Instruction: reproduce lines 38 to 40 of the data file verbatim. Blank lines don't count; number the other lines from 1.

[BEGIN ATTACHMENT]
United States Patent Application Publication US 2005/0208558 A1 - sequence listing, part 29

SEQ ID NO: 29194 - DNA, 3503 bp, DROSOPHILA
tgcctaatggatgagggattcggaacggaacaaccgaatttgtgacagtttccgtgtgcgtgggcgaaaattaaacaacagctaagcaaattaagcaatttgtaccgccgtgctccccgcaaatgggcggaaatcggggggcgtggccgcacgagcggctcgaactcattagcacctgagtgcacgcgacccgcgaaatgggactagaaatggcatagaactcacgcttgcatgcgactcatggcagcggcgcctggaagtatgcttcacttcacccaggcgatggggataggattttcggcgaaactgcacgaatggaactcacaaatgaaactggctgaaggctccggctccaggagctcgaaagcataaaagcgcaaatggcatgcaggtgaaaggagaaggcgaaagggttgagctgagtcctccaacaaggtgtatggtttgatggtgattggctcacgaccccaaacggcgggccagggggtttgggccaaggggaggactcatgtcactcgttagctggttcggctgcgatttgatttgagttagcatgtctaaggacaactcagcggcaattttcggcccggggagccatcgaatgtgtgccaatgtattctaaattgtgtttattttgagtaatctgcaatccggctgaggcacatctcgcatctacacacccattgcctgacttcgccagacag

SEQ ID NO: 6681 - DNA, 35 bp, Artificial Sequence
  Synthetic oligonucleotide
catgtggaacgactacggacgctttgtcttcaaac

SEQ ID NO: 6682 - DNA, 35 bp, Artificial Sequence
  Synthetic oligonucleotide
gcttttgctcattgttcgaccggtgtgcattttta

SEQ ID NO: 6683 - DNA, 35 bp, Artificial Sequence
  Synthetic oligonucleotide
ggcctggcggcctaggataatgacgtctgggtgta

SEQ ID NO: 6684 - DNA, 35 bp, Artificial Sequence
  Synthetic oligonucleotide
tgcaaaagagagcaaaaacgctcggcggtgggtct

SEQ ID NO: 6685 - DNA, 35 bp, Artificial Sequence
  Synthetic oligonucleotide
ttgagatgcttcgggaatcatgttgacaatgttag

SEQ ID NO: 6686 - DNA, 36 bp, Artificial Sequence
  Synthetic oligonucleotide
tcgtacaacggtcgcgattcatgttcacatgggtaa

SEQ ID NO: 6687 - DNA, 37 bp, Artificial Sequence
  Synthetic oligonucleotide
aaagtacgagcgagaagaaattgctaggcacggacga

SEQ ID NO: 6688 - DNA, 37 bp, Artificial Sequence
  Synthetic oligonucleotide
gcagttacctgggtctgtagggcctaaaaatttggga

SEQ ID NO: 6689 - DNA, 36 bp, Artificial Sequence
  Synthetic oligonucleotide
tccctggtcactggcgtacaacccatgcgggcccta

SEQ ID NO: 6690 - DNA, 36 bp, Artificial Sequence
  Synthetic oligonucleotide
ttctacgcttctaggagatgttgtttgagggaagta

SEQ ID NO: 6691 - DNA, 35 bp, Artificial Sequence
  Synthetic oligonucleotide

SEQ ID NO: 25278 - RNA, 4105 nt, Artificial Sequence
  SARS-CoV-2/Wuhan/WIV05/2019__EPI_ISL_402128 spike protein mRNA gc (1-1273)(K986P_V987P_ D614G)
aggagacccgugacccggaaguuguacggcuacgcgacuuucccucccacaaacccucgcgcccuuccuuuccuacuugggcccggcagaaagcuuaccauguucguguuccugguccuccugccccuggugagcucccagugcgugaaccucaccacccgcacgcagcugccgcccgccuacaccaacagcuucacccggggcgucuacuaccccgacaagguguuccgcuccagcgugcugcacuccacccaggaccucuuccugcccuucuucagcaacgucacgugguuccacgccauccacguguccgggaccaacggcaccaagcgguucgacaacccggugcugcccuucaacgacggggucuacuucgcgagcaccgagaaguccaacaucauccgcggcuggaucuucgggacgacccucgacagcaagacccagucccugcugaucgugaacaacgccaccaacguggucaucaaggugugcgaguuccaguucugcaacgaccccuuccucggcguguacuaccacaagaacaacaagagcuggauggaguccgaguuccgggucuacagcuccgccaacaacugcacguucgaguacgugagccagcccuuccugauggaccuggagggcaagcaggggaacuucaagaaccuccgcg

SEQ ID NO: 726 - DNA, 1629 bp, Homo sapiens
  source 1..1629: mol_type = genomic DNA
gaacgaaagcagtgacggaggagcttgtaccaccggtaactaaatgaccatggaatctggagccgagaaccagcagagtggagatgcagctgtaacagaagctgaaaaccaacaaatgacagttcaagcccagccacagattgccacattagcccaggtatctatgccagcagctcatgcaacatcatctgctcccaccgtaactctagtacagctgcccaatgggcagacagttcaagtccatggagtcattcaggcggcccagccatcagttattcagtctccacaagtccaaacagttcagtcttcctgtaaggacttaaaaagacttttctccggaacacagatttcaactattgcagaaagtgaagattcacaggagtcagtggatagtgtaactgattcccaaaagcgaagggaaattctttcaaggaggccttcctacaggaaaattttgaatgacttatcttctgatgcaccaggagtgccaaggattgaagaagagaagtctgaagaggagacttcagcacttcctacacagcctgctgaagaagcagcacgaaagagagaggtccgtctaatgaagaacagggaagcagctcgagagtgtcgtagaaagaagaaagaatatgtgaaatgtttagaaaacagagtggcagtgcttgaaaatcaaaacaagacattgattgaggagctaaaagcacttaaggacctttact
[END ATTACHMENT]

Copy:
aggagacccgugacccggaaguuguacggcuacgcgacuuucccucccacaaacccucgcgcccuuccuuuccuacuugggcccggcagaaagcuuaccauguucguguuccugguccuccugccccuggugagcucccagugcgugaaccucaccacccgcacgcagcugccgcccgccuacaccaacagcuucacccggggcgucuacuaccccgacaagguguuccgcuccagcgugcugcacuccacccaggaccucuuccugcccuucuucagcaacgucacgugguuccacgccauccacguguccgggaccaacggcaccaagcgguucgacaacccggugcugcccuucaacgacggggucuacuucgcgagcaccgagaaguccaacaucauccgcggcuggaucuucgggacgacccucgacagcaagacccagucccugcugaucgugaacaacgccaccaacguggucaucaaggugugcgaguuccaguucugcaacgaccccuuccucggcguguacuaccacaagaacaacaagagcuggauggaguccgaguuccgggucuacagcuccgccaacaacugcacguucgaguacgugagccagcccuuccugauggaccuggagggcaagcaggggaacuucaagaaccuccgcg

SEQ ID NO: 726 - DNA, 1629 bp, Homo sapiens
  source 1..1629: mol_type = genomic DNA